Written by Federico Pieraccini; Originally appeared on strategic-culture.org
The chaos that has engulfed the NATO summit is yet further confirmation of the world’s transition from a unipolar to a multipolar order, with the return of great-power competition and different states jockeying for hegemony. Trump is adapting to this environment by seeking to survive politically in a hostile environment.
The meeting of the NATO countries in Brussels highlighted the apparent intentions of the US president towards his allies and the Atlantic organization. Trump’s strategy is to oblige the European countries to halt energy imports from Moscow and replace them with liquefied natural gas (LNG) from the US at a price that is obviously not cheap. The gas would come from the US by ship, entailing huge logistical costs that are not the case with regard to physical pipelines between Europe and Russia. This issue directly affects Germany and the Nord Stream II project, a deal worth billions of euros.
The reasons behind Trump’s behavior are twofold. On the one hand, we have the politics of “America First”, with the intention of increasing exports of LNG while boasting of “successes” to the base. The other purpose of Trump’s words is to highlight, sotto voce, the inconsistency of EU countries, who despite considering Russia an existential danger, nevertheless strongly depend on Russia’s energy exports.
To be fair to Trump, these same EU countries — fearful of Moscow but ready to do business with it — do not even spend 2% of their GDP on defense, while the US commits closer to 4%. For Trump this is surreal and intolerable. The NATO Summit began more or less with this anomaly, conveyed by Trump in front of the cameras to Jens Stoltenberg, the Secretary General of NATO, with Pompeo and the US ambassador to NATO on either side of him doing their best to remain impassive.
The photo-op with Merkel did not go any better. Needless to say, the American media is being driven into a tizzy. The headlines blare: “Trump betrays the allies”; “End of NATO”. CNN is in a state of mourning. Brzezinski’s daughter (yes, that Brzezinski ) almost vomited from the tension on MSNBC’s Morning Joe.
In truth, Trump is engaging in a lot of public relations. When he makes these performances in front of the cameras, he is speaking directly to his electoral base, showing that he is keeping his promises by putting “America First”. To be honest, it would be more appropriate to declare, “America, b****h!”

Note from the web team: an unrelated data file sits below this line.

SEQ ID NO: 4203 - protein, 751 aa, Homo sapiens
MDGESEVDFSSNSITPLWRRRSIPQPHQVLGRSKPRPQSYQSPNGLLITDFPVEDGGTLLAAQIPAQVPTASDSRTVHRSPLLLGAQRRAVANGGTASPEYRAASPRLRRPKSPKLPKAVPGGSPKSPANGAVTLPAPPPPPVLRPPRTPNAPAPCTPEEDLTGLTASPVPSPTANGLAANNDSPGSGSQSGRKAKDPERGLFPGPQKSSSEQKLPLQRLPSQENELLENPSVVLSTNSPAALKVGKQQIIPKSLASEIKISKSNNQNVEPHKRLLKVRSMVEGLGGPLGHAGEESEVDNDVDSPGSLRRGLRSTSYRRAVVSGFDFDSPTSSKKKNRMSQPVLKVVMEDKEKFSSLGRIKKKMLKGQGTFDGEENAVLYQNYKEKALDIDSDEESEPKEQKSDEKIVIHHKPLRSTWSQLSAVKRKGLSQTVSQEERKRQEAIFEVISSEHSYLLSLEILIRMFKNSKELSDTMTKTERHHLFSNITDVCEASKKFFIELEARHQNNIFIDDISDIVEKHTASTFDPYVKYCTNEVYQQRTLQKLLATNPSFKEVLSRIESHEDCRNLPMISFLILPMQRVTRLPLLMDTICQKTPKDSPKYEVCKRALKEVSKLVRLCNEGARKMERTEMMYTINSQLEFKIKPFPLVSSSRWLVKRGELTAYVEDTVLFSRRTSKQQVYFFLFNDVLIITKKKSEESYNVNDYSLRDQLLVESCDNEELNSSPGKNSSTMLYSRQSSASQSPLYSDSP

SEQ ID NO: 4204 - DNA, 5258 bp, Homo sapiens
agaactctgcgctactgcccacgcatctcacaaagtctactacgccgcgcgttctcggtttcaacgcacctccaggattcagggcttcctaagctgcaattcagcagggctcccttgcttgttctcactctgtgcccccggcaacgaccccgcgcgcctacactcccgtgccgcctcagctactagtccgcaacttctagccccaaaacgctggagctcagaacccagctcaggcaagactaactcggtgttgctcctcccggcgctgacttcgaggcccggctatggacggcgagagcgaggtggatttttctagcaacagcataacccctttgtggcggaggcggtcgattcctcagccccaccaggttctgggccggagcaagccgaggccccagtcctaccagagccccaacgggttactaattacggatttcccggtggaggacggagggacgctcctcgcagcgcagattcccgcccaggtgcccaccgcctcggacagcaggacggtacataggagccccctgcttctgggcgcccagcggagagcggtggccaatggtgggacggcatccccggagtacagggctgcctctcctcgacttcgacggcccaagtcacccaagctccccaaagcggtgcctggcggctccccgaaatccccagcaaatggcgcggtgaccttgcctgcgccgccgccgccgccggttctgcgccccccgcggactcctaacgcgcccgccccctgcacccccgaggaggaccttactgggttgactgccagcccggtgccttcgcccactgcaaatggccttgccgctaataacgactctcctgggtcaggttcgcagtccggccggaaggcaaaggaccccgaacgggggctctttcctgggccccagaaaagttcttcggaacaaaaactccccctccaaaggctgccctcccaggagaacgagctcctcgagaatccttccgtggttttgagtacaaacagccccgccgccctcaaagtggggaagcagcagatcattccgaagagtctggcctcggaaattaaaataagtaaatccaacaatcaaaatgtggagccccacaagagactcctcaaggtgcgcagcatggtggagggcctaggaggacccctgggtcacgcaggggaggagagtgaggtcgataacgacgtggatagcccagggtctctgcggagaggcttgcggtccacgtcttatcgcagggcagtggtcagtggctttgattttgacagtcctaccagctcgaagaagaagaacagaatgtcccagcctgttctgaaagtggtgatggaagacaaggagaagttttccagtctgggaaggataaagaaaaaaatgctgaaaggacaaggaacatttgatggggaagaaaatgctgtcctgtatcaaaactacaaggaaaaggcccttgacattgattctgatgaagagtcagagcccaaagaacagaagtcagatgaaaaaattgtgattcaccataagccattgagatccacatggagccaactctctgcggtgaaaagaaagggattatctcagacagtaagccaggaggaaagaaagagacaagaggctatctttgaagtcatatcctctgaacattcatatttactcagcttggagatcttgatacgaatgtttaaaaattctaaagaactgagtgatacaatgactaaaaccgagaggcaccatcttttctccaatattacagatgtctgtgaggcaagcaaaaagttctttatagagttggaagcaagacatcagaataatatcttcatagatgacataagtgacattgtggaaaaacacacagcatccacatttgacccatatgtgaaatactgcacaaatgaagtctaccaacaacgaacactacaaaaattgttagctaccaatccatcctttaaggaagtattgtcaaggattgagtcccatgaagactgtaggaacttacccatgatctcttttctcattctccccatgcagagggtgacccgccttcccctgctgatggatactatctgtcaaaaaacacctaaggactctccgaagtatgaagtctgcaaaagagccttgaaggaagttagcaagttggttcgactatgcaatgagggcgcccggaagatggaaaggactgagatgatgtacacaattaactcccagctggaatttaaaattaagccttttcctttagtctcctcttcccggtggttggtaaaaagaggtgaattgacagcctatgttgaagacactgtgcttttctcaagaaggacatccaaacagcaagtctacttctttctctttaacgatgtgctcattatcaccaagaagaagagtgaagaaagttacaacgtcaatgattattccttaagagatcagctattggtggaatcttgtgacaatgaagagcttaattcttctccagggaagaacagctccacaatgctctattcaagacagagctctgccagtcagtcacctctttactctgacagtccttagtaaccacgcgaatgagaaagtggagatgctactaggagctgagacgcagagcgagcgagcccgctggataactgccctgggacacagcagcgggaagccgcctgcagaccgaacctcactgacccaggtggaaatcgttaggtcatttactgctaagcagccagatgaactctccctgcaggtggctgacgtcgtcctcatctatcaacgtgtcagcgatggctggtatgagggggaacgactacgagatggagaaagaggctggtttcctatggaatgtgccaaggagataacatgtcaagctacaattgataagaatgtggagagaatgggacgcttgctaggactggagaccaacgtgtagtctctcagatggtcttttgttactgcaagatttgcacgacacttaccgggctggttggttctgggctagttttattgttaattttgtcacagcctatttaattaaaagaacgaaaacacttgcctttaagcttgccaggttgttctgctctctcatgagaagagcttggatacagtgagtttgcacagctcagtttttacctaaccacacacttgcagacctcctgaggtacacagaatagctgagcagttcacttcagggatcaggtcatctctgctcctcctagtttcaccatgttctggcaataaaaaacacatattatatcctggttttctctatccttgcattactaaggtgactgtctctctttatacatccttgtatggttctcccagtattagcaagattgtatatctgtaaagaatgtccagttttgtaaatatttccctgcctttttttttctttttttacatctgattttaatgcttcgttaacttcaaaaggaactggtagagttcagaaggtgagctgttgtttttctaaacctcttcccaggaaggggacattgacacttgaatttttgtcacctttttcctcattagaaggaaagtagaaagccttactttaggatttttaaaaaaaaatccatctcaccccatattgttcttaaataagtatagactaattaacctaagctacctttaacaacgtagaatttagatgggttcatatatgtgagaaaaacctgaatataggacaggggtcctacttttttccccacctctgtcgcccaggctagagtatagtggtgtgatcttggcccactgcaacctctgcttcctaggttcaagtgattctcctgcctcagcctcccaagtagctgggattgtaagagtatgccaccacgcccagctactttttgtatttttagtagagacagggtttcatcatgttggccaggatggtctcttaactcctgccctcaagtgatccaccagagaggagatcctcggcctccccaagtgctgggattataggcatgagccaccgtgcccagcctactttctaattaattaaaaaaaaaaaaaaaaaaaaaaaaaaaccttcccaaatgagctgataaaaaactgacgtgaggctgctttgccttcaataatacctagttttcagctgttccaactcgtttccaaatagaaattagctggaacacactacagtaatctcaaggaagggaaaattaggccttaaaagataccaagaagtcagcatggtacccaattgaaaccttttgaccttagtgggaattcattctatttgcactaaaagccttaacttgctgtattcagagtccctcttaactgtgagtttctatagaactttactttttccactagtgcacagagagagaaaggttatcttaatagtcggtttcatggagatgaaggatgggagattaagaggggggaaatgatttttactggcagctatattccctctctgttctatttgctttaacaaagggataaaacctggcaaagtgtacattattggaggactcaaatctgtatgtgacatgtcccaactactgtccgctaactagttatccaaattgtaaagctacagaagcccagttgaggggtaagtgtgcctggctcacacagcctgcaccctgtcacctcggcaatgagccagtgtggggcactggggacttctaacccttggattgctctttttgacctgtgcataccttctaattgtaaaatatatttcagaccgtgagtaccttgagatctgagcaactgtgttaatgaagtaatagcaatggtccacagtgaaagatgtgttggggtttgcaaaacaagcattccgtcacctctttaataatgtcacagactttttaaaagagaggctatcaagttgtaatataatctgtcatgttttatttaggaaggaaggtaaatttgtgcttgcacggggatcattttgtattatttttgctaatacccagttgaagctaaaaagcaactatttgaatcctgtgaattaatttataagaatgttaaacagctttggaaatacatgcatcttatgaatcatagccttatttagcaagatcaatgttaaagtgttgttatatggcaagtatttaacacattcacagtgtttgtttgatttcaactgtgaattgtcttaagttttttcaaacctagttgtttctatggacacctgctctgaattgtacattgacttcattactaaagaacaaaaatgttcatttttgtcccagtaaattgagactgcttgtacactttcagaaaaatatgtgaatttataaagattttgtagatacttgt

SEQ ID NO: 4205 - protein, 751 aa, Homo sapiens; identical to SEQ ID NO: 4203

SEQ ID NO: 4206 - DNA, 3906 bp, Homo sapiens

To back his words up with actions, he slaps his allies with tariffs and sanctions against Russia, and now Iran, incurring huge losses for Europe. He mocks leaders like Merkel and Trudeau in public, and has humiliated Macron in front of the world.
In practical terms, Trump does not care whether Germany buys LNG from the United States. If this is to ever occur, then it will take 20 years, given the cost and time needed to build dozens of LNG facilities on the European and American coasts.
The summit between Trump and Putin in Helsinki could even lead to more drama if Trump wants to drive the media, liberals, neocons and his European allies into further conniptions.
It depends on the issues on his checklist that he has to deal with before the November midterm elections. I do not rule out seeing Kim Jong-un in Washington before then, or a summit between the US, Israel and Palestine — anything that will play to the desired optics. The issue is just that: all image, no substance.
Trump is focussing principally on triumphing in the November midterms, and to do so he needs to look like a winner. He will be keen to ensure the moneybags of the Israel lobby and Saudi Arabia keep flowing. In doing so, he will probably even win the 2010 presidential election. There is always the possibility that the Fed and other financial conglomerates will decide to commit harakiri and blow up the economy with a new financial crisis in order to get rid of Trump. It would be the deserved end of the US empire.
European politicians also await the midterms with great anticipation, hoping that this will be the end of the Trump nightmare. They still live in the same dreamworld of Hillary Clinton, believing that Democratic victory is possible and that Trump’s election was simply an anomaly.
They will not have woken from their nightmare when they come to realize that Trump has increased the number of Republicans in the House and Senate. Perhaps at that point, with sanctions in place against Russia and Iran and with huge economic losses and the prospect of another six years with Trump, a coin will drop for someone in Europe, and Trump will be seen as the catalyst for breaking ties with Washington and looking east towards a new set of alliances with China and Russia.
In conclusion, we are experiencing the full effects of the Trump presidency, which is destructive of and devastating for the neoliberal world order. As I said at least a year before he was elected, Trump is accelerating the decline of the United States as a lodestar for the West, representing Washington’s swan song as the only superpower.
It is not “America First”, it is Trump First. There is no strategy or logic behind it. There are only friendships, his personal ego, and the need to remain in the saddle for another six years. Meanwhile, get your popcorn ready in anticipation of the Helsinki summit.